Have Super Dry Skin? This Canadian Skincare Company Is Here to Help

The founder of Ellie Bianca talks to us about the magic of shea butter and how the brand supports women around the world

This story is part of Best Health’s Preservation series, which spotlights wellness businesses and practices rooted in culture, community and history. 

Evelyne Nyairo was born in a rural village in Kisii, Kenya, to a clan called House of Wealth—one whose legacy inspires her entrepreneurial spirit. At 16, Nyairo immigrated to Canada on her own, studied environmental sciences with a major in chemistry and biology, and eventually started her own engineering company. In 2012, during a business trip to the Republic of Chad, Nyairo noticed women making a special shea porridge, one that is served at weddings, funerals and other special occasions. Nyairo was intrigued by the ingredient and later, she learned about shea’s beauty benefits.

“[Shea] is something that our grandmothers and great grandmothers, particularly in West Africa, used and continue to use,” says Nyairo. “Being in Chad and asking [for moisturizer], right away shea is what comes out. It’s an identity, it’s an iconic ingredient—when you think of African [ingredients] in the beauty industry, shea is number one.”

Back in Calgary, Nyairo began researching shea and was inspired to develop a socially conscious and environmentally friendly skin care line around it. She named the brand Ellie Bianca after her daughter and launched it in 2015. Today, Ellie Bianca has a roster of 34 products, and shea features prominently in most of them—the brand’s logo represents an open shea nut.

The densely branched shea tree thrives in the dry climate of West Africa’s savanna belt and bears green fruit that are shaped like plums. Shea butter comes from the tree’s nut that is nestled within the fruit. It contains stearic, oleic and linoleic acids—moisturizing fatty acids that are rapidly absorbed by the skin—and vitamins A and E, which have antioxidant properties. Shea butter can also act as an antifungal and anti-inflammatory agent, and it promotes cell regeneration, among other skincare benefits.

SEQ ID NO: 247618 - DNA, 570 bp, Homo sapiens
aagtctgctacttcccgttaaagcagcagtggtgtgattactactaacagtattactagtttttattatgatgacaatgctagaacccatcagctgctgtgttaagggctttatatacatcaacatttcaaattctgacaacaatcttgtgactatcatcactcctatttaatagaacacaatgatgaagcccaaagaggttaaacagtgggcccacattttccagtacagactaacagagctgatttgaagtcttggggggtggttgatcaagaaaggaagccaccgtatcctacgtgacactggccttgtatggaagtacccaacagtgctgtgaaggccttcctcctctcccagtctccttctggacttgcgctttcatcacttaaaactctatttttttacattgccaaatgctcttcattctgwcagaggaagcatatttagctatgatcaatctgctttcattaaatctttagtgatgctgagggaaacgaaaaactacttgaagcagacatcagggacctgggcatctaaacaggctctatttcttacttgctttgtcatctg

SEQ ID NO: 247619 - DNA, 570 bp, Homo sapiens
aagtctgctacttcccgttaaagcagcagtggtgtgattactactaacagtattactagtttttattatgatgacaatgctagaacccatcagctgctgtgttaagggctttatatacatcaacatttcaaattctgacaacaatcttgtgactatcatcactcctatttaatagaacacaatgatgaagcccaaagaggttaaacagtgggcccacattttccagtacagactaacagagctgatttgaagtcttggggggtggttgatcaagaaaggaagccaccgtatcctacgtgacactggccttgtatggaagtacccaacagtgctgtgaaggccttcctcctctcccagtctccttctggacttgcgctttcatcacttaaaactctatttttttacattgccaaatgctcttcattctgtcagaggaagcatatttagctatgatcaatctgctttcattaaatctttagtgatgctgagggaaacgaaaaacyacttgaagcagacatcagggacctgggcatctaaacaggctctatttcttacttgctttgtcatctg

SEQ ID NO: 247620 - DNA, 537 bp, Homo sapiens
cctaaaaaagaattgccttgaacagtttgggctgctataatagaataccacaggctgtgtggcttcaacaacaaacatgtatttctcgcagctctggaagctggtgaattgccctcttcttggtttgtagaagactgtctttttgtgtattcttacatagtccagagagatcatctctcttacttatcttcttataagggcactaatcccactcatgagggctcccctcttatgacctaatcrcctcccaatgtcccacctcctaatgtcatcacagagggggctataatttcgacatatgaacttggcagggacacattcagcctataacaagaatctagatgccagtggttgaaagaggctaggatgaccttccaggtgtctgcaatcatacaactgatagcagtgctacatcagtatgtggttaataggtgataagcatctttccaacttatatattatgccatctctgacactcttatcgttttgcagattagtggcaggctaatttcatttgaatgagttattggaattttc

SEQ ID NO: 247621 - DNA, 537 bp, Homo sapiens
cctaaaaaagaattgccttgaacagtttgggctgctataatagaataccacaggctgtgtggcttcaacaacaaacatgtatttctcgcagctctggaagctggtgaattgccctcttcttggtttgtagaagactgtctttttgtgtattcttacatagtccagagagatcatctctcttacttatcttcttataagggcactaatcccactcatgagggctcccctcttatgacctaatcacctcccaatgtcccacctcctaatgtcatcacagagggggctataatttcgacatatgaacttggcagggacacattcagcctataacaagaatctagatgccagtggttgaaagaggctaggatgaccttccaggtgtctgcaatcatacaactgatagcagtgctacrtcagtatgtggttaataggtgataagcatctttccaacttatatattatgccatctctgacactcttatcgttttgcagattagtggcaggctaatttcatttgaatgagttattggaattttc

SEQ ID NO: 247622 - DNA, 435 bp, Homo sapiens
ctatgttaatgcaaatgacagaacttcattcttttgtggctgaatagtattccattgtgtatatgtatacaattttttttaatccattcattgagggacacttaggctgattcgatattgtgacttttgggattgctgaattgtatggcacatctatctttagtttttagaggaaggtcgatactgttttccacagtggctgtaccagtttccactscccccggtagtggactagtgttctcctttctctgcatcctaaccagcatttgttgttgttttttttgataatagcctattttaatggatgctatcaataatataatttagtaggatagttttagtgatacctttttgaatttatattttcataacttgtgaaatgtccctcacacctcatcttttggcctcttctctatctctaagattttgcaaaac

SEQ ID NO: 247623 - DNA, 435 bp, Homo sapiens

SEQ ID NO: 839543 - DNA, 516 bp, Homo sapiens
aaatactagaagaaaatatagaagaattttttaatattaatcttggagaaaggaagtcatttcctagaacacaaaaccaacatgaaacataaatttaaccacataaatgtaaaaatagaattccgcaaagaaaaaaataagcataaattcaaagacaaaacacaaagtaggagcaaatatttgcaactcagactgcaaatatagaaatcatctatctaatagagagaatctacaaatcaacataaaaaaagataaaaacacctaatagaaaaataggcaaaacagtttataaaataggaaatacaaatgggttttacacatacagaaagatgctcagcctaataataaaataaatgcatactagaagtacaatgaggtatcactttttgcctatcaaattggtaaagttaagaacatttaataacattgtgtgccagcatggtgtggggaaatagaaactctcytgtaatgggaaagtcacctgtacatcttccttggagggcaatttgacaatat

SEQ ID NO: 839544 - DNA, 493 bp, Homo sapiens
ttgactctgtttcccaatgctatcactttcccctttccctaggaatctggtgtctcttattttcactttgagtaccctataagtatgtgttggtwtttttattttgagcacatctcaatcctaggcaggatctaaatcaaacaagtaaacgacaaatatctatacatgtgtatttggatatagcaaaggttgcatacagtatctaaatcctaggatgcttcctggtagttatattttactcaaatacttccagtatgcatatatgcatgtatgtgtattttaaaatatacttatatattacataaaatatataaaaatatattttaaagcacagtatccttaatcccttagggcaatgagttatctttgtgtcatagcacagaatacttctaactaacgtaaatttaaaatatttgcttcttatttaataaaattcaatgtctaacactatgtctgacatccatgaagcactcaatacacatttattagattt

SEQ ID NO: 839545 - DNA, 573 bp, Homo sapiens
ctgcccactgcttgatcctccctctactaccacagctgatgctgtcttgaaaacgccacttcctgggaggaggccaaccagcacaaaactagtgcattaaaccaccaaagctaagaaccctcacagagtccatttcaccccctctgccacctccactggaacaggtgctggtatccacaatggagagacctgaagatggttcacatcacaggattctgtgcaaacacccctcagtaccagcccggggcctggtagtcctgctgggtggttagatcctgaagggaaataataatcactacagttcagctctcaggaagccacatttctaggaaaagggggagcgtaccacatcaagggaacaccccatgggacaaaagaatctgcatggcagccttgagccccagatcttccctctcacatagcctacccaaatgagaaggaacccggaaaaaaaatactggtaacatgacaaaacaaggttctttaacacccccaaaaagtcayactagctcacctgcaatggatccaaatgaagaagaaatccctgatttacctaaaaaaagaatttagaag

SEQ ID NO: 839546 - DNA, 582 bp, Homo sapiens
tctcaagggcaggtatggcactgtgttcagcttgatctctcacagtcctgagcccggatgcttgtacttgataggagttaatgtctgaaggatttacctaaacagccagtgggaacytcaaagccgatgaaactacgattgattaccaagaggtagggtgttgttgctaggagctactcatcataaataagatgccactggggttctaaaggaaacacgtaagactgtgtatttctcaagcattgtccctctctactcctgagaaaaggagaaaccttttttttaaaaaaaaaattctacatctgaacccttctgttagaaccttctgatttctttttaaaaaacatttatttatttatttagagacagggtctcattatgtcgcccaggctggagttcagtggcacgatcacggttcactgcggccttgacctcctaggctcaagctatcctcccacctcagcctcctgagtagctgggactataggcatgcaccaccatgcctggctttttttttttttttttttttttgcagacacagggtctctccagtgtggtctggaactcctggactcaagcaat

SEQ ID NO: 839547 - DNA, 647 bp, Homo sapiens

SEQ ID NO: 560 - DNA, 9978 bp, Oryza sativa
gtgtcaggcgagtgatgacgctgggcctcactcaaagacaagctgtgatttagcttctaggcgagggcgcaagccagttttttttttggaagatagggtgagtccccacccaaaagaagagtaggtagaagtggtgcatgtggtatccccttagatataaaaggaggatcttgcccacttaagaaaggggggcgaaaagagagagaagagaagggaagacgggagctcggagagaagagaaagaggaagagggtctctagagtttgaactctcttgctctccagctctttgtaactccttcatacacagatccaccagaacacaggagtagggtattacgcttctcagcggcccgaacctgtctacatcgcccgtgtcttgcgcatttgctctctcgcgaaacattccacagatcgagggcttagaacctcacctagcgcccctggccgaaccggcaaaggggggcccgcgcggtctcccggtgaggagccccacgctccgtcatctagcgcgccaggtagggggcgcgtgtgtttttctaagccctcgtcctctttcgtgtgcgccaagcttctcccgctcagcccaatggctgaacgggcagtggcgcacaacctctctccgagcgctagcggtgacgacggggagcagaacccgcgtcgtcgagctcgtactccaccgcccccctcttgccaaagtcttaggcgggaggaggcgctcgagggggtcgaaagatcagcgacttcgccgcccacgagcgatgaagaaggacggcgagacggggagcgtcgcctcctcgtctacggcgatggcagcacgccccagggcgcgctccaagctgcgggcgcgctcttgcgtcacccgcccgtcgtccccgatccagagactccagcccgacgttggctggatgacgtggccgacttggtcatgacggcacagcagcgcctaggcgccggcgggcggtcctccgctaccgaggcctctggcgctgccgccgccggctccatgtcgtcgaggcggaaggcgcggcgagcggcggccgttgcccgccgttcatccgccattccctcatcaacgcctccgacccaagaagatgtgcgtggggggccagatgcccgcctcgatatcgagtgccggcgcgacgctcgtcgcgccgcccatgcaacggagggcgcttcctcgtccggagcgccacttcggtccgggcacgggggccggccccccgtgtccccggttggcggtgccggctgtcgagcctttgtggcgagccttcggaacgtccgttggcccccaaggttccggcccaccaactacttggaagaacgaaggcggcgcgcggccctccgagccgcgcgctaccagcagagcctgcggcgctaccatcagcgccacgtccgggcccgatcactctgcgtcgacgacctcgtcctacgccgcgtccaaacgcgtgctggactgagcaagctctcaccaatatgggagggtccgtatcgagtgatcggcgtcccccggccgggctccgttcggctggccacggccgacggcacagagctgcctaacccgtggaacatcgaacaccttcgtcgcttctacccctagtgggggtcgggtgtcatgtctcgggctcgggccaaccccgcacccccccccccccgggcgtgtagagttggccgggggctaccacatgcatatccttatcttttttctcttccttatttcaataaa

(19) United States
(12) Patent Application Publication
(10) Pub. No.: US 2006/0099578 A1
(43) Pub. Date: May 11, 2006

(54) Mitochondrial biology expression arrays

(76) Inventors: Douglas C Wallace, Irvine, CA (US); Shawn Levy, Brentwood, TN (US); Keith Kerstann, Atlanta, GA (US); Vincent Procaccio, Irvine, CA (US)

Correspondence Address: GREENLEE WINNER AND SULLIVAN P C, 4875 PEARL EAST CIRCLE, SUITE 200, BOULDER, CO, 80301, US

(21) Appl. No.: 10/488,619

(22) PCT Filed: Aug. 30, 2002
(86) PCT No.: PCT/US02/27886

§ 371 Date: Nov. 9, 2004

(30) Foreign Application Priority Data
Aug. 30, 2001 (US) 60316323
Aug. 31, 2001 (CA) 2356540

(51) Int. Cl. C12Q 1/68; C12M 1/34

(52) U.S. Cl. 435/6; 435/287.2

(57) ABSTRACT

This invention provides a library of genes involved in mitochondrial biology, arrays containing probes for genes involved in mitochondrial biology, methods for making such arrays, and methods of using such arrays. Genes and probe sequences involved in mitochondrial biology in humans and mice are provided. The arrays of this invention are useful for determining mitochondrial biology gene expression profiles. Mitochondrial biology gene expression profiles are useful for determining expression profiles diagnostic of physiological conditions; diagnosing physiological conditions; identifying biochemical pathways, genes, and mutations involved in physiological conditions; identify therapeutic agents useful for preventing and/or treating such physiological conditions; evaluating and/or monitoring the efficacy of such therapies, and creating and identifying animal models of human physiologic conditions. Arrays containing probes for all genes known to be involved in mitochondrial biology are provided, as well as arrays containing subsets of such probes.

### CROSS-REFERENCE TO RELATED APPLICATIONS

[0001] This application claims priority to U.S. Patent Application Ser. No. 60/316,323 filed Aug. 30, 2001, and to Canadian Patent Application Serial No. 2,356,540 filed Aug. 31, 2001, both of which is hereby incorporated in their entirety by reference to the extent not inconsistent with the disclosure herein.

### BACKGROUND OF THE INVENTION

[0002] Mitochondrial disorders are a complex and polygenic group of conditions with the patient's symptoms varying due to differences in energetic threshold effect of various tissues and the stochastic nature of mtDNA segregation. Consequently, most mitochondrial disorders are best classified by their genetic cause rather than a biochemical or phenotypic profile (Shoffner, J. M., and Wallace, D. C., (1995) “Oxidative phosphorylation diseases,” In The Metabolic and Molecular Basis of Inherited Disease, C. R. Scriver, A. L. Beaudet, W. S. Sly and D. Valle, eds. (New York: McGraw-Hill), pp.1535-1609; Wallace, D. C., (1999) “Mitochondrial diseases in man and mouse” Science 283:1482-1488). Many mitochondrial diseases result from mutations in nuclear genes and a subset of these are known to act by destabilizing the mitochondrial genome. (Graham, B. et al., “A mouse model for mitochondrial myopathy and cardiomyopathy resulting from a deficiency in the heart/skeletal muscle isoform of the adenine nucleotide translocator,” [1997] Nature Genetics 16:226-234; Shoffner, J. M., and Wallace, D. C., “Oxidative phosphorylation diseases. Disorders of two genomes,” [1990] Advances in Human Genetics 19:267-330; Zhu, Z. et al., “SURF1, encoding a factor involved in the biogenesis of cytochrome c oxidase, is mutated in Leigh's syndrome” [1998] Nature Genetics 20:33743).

One of Nyairo’s favourite Ellie Bianca products is the hydrating Naked Face Oil, which can also be used as a cleanser and makeup remover. Another one of her picks, the recently launched Body Lotion, uses raw shea and is the perfect antidote to harsh hand sanitizer and lots of hand washing—the lotion moisturizes skin without making it greasy.

An important pillar of the Ellie Bianca brand is supporting the well-being, agency and equitable treatment of women around the world through economic opportunities. The company offers scholarships to single mothers in Canada pursuing their education, and sources shea ethically from co-ops in Chad. Making shea in co-operatives brings women together—it’s a therapeutic experience where they can share their stories. “There’s that complexity around who we are as women, there’s some smooth areas and some rough areas, but altogether we work to preserve something and I feel like that’s what the shea fruit does,” says Nyairo. “It preserves that precious butter that is right in the middle.”

This story is part of Best Health’s Preservation series, which spotlights wellness businesses and practices rooted in culture, community and history. Read more from this series here: 

Meet Sisters Sage, an Indigenous Wellness Brand Reclaiming Smudging

This Canadian Soap Brand is Rooted in Korean Bathhouse Culture

This Soap Brand Is Sharing the Healing Power of Inuit Tradition

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Originally Published in Best Health Canada